A short flight from Miami, Turks and Caicos is an archipelago of 40 coral islands with sugary beaches and crystal-clear waters. The picture-perfect setting makes the islands a popular place not only to vacation but also to invest.
In the early 2000s, investment was high in the small island chain as buyers sought stable, quality leisure properties that offered much more per dollar than many other Caribbean destinations. In 2008, the country succumbed to the worldwide recession as interest and prices took a nosedive. It took the better part of four years for the real estate recovery to begin. “In 2012, the recession was still there,” says Ian Hurdle, managing partner of the Agency’s Turks and Caicos office. “Tourism didn’t really start coming up until 2013.”
Then, on September 7, 2017, the Islands took a direct hit from Hurricane Irma. While devastation and chaos reigned across the region from the Category 5 storm, it was a different scene in the Turks and Caicos. “What we found in the days and weeks that passed is a resilience and community spirit that represents the backbone of these islands,” the Agency’s 2017 Market Report read.
Near misses from storms in the late 1980s plus the nearby aftermath of Hurricane Andrew in 1992 prompted the Islands to enforce strict building codes that required all new construction to be capable of withstanding Category 5 conditions. This new standard was put to the test during Irma.
Most of this new construction survived relatively intact. Within a week of the storm passing, much of the country was up and running. The market, though, was not. “September through November were dead,” Hurdle says.
However, early 2018 brought signs of life. More than $60 million in sales have been recorded in the first quarter of the new year with an average sale price of $908,707. (Although a British territory, the nation trades on the US dollar.)
Bernadette Hunt, a broker at Turks and Caicos Property, says that’s due to much more than the quick recovery. “Our government is very stable and we have one of the lowest levels of crime in the Caribbean,” she says. It also doesn’t hurt that the array of properties at the higher end of the market are nothing short of spectacular.
The recently completed Villa 5102 at Gansevoort Turks and Caicos is a gorgeous example of high design. Built into the cresting hillside, the two-story villa offers expansive turquoise waters at your doorstep. Spread across 8,260 square feet, the residence has four bedrooms, a private courtyard, and an overwater deck made for lounging. At $4.15 million, it provides more value compared to options in St. Barts or other high-profile destinations in the region. (Only two out of the five villas are still available.)
On the other side of Providenciales (affectionately known as “Provo”), the recently completed Long Bay Beach Club is similarly styled, but with more of a communal, entertainment-focused twist. Each villa offers over 6,000 square feet of open-air living with private pools and outdoor dining areas. Two of the homes are set right on the shoreline, with the middle residence recessed from the water. For now, Long Bay Beach Club villas are available as rentals, but the property managers are working on fractional and outright ownership models down the road. If and when that happens, it would be an attractive proposition for a discerning buyer who wants the option to entertain in relative seclusion.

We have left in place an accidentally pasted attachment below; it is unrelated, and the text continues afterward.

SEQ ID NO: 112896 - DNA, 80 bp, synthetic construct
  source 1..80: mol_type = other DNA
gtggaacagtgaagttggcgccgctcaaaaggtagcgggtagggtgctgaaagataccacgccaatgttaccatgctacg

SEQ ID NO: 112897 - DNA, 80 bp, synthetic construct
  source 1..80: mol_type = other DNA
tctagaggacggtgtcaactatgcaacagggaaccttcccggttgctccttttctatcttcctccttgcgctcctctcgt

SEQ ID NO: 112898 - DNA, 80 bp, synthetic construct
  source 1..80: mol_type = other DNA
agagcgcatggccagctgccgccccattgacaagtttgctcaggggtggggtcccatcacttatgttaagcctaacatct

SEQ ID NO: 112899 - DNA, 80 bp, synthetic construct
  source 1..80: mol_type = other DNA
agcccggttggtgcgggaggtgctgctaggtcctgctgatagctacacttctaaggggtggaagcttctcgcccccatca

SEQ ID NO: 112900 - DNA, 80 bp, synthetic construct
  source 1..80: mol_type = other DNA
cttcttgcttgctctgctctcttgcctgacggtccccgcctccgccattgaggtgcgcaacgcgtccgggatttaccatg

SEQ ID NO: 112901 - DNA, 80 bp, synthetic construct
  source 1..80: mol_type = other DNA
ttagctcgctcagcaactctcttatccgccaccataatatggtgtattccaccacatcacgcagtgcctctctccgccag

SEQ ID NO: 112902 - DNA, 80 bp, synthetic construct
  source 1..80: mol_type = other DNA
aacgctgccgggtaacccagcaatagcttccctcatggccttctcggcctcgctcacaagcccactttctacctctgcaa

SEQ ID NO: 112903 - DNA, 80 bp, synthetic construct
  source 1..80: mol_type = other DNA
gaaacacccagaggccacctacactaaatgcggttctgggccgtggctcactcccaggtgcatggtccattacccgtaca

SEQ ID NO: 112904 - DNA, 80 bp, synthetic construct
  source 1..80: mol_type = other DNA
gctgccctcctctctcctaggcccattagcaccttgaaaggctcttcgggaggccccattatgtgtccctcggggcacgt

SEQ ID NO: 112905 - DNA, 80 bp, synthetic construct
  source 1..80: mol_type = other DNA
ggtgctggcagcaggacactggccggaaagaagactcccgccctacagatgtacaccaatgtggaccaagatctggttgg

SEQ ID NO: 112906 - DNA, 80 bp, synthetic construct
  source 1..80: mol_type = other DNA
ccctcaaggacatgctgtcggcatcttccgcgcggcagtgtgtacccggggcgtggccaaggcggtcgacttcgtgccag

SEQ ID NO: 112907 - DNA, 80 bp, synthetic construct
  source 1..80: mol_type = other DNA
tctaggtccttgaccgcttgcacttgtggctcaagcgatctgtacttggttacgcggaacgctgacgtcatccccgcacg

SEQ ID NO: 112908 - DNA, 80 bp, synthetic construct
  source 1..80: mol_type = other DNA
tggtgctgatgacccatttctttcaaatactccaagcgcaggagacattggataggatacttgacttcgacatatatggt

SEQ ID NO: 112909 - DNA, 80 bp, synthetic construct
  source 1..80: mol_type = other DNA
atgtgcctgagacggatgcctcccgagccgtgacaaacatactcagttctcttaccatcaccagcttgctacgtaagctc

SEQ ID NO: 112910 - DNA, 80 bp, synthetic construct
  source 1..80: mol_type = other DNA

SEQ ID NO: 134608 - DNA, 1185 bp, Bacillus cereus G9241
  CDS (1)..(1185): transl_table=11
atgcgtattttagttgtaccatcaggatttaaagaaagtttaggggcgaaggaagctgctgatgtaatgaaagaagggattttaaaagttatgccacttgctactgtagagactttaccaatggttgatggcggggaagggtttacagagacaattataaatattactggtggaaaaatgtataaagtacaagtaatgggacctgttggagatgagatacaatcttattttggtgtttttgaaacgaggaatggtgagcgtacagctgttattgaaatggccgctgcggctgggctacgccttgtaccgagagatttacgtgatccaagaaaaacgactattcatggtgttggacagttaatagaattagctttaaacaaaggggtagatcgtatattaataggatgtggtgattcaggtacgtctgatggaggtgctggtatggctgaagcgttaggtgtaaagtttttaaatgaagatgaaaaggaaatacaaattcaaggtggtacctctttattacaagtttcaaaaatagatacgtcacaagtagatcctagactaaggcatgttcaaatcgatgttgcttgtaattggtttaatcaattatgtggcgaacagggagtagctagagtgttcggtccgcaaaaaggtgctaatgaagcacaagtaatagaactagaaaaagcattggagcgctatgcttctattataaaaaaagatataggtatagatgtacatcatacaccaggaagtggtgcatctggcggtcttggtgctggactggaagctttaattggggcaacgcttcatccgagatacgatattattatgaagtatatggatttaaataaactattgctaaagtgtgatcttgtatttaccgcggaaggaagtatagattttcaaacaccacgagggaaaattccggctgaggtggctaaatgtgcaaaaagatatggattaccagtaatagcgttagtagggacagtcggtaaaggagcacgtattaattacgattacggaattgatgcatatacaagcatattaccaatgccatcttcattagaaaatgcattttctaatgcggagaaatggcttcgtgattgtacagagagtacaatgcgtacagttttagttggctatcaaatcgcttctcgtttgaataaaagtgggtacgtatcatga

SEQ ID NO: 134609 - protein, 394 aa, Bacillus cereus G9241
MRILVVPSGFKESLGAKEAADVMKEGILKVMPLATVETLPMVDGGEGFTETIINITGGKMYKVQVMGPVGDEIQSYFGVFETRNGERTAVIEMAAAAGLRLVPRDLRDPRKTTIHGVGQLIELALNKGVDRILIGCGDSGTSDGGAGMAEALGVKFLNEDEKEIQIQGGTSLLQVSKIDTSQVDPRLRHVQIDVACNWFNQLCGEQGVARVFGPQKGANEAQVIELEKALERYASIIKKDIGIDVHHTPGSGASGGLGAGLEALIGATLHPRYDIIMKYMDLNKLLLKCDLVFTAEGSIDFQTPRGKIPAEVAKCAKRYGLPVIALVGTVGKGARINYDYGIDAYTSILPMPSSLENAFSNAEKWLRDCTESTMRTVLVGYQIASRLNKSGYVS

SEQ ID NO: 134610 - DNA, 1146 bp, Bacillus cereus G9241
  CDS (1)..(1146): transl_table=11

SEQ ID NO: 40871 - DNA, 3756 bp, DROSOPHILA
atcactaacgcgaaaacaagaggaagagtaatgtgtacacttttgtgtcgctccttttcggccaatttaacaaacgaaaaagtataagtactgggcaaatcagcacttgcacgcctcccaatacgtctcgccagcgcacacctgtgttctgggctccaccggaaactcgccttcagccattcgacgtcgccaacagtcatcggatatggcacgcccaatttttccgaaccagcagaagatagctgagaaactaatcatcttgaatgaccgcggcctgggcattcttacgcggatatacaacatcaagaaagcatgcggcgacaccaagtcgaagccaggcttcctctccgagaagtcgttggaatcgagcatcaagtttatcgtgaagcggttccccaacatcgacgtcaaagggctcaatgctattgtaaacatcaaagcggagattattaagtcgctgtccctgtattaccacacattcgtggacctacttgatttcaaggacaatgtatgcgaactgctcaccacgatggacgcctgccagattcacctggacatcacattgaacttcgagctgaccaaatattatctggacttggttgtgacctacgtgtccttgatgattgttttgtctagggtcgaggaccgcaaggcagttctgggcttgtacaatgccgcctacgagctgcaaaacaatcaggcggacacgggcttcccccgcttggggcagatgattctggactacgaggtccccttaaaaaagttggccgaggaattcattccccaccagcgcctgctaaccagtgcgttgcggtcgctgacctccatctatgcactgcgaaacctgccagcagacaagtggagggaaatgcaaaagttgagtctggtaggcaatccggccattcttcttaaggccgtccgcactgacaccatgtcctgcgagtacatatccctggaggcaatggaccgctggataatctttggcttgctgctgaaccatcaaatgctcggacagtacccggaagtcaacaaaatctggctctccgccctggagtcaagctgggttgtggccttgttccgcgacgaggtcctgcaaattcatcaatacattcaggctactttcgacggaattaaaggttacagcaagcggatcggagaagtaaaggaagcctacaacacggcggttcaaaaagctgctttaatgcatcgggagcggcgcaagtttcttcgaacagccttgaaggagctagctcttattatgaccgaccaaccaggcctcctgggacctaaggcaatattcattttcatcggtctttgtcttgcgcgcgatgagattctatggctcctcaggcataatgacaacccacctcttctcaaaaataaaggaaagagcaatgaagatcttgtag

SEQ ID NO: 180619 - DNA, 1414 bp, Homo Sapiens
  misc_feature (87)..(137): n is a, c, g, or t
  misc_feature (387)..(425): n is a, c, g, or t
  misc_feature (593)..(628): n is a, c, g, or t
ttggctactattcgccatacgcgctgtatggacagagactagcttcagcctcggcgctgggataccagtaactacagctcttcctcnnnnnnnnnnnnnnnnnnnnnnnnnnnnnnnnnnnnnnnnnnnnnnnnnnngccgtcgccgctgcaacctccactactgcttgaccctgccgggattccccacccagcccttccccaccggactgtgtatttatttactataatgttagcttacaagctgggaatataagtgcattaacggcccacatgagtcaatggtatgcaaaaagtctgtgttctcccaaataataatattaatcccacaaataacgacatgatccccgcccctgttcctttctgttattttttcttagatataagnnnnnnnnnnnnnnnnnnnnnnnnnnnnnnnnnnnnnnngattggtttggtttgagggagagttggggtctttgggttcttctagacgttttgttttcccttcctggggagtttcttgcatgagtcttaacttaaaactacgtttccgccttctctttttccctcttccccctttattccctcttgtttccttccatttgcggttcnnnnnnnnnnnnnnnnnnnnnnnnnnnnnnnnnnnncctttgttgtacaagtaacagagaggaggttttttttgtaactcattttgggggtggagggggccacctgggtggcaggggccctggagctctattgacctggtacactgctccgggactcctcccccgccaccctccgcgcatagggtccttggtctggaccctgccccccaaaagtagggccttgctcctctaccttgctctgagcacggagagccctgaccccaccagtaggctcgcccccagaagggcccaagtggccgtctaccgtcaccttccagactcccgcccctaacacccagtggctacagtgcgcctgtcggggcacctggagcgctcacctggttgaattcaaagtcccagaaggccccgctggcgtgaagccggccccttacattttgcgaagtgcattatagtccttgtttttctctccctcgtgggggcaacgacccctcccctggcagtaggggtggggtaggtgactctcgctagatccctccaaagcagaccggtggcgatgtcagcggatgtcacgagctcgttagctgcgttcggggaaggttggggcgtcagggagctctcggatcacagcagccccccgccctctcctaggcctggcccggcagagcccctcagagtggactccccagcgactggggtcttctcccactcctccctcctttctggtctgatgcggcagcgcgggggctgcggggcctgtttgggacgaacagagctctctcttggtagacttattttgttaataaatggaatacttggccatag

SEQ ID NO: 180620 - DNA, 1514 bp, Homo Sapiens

Situated on a 14-acre oceanfront site, Rock House offers hillside homes and cottages with private plunge pools. Walls of glass frame the peaceful turquoise waters beyond, and plant-flanked terraces and outdoor rain showers add a distinctly tropical feel. (Two-bedroom hilltop condos are priced from $1.195 million.)
Those who prefer a private estate can bid on Prince’s Turtle Tail Estate, which is going to auction without reserve in July. Situated on over five acres, the approximately 10,000-square-foot property has six bedrooms, two private beaches, a 200-foot dock, and a tennis court. Fittingly, a purple driveway leads to the estate.
While serenity and privacy are key to attracting celebrities (including Rihanna and the Kardashians) to the Islands, that air of peace and quiet will soon reach a larger audience with the construction of the country’s tallest building: the 12-story Ritz-Carlton Hotel & Residences at Grace Bay.
The resort marks a milestone in luxury development on the Islands. The condos will offer access to all the hotel amenities enveloped into the Ritz-Carlton standard. “A lot of developers are waiting to see how that comes up,” Hurdle says. “It’s a statement of intent for the Islands.”
In the meantime, the existing market is thriving.
As of press time, Hunt noted there were 29 pending sales priced between $1.975 million and $8.75 million (not including contracts at the Ritz-Carlton). The Agency’s 2018 Q1 Report was also positive, noting $36 million in sales above $500,000 (not including condos and vacant land). The trend is starting to catch on, and buyers looking for something different in the Caribbean are taking notice.
“I don’t see a saturation point,” Hurdle says, “because we’re still early on in our development.”